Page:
CHARLOTTE, N.C. -- So the New Orleans Saints showed the rest of the NFL the blueprint for beating the Carolina Panthers' second-ranked defense. They exposed a unit that until Sunday night had not given up more than two touchdowns in a game this season.
The Panthers aren't buying it.
There's no reason to.
If the 31-13 victory that ended Carolina's eight-game winning streak was the blueprint, then Seattle's 34-7 victory against New Orleans six days earlier should have been the blueprint for beating the Saints. That certainly wasn't the case for the Panthers.
That probably won't be the case on Sunday when the New York Jets face Carolina, no matter how many secrets New Orleans defensive coordinator Rob Ryan shares with his brother Rex, the head coach of the Jets.
"We didn't do anything that Seattle did, or tried to do,'' Carolina safety Mike Mitchell said. "I don't think the league works like that. The league is about matchups and personnel. The Jets have a completely different personnel group, different players, so they can't do what the Saints do.
"Whatever their strengths are, they're going to try to do that to beat us. They're not going to try to run the Saints' offense, because they don't have the Saints' players.''
Last I looked, Jets rookie quarterback Geno Smith ranked last in the NFL in passer rating at 62.4, having thrown nine touchdown passes and 20 interceptions. New Orleans' Drew Brees ranks sixth with a rating of 106.5, having thrown 33 touchdowns and only eight interceptions.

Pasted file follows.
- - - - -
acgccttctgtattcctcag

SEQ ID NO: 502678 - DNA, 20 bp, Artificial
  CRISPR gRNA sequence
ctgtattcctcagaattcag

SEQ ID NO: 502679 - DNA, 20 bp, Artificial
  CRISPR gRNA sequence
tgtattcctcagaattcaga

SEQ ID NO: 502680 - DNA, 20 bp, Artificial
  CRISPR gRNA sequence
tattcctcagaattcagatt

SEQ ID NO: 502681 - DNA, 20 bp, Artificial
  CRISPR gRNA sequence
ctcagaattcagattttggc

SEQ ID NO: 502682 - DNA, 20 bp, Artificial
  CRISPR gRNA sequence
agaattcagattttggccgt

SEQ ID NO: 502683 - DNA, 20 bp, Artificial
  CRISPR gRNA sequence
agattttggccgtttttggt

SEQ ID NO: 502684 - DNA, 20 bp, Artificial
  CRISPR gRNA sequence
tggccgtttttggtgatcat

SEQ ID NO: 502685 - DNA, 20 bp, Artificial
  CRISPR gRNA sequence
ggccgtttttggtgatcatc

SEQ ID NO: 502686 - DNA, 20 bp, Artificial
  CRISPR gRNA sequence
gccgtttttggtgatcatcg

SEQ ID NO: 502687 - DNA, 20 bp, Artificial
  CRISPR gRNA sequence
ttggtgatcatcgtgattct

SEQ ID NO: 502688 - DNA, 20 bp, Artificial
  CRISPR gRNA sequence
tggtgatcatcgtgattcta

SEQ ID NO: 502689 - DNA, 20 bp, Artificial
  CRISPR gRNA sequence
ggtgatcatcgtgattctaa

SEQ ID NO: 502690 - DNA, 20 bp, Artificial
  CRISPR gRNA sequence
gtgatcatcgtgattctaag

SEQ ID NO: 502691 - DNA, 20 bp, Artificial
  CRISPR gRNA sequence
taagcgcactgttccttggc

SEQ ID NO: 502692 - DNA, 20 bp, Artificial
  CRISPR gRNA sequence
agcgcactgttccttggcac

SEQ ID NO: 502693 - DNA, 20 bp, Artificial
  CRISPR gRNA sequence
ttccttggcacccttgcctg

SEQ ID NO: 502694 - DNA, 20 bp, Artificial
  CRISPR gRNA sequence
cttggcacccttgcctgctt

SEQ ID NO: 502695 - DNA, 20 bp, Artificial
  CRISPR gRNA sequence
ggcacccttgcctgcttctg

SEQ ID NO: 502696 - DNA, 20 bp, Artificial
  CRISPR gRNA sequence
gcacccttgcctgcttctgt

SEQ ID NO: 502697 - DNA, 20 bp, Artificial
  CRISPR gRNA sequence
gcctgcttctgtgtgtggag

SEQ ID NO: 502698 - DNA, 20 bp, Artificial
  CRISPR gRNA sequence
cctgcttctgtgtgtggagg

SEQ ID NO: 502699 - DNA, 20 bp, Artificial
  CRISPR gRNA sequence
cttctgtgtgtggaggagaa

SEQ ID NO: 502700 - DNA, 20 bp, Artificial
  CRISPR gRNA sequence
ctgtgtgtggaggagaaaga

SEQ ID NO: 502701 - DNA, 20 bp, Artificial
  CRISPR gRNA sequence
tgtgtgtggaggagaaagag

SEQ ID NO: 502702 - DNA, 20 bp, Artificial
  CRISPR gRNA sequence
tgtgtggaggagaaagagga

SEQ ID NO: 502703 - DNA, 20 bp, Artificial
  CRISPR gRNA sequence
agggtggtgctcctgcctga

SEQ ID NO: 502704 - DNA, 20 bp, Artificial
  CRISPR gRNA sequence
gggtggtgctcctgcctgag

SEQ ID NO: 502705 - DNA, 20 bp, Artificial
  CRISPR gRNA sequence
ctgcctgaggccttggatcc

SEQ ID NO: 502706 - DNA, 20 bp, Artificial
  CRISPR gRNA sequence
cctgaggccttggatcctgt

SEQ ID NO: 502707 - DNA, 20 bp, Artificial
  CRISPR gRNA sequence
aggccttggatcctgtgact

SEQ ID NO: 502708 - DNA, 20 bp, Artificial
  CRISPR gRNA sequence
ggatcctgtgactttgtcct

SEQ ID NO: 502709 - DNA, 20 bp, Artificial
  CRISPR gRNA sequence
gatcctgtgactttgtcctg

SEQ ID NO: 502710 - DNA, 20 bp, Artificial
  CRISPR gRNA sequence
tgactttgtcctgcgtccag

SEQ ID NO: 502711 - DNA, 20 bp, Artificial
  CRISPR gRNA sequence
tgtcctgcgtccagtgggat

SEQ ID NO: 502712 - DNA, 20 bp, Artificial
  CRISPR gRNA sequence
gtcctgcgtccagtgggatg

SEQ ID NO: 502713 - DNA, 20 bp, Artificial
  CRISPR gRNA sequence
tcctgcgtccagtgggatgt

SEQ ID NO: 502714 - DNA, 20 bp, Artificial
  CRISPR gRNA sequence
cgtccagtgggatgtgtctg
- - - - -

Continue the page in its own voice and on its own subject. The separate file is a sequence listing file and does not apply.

That says all you need to know.
Jets wide receiver Santonio Holmes can call Carolina's secondary the weak link of the defense -- which it is because the front four and seven are so strong -- but that doesn't change that he has only 16 catches for 381 yards and one touchdown in 13 games.
He's not going to all of a sudden become Marques Colston and catch nine passes for 125 yards as the New Orleans receiver did on Sunday.
A blueprint only works if you've got the personnel to do the same things, and very few teams have the personnel New Orleans does. A blueprint only works if the Panthers play the same way they did against the Saints, and that isn't likely to happen.
"It was more us beating ourselves,'' Carolina defensive coordinator Sean McDermott said of Sunday' loss. "Not taking anything away from them at all, because they're a fine, fine football team. But really, it was us beating ourselves, fundamentally and technique wise.''
McDermott recalled the 2004 season at Philadelphia when he was the secondary/safeties coach. The Eagles won their first seven games, allowing more than 17 points in a game only once.
They were blown out 27-3 the next week at Pittsburgh.
Blueprint? Hardly. Philadelphia won its next six games, holding all but one opponent to 17 points or less. That team went on to the Super Bowl, where it lost to New England 24-21.
This isn't to suggest the Panthers (9-4) are going to end up in the Super Bowl. But it is a reminder that one loss doesn't provide the rest of the league with all the secrets to beating you.
"If they think that's the blueprint to beat us, then let them try to do that same thing again,'' linebacker Thomas Davis said. "Let a different team try to do that. It came down to us not executing like we needed to, like we had the previous weeks.
"When you have a good football team like the Saints and you don't execute against them, you're going to get beat.''
So what did the Carolina defense learn from the loss to New Orleans? Basically, that if you don't play fundamentally sound football anybody is beatable.
"Attacking the ball in the air, identifying receivers in different locations they're trying to get the ball to, just things we've been on top off all year and we just let slide,'' cornerback Drayton Florence said.
"We've only been beaten four times, so if there's a blueprint, obviously everybody is not buying into it. You know how it is in this league. Anybody can win any given Sunday.''
Now that is a proven blueprint.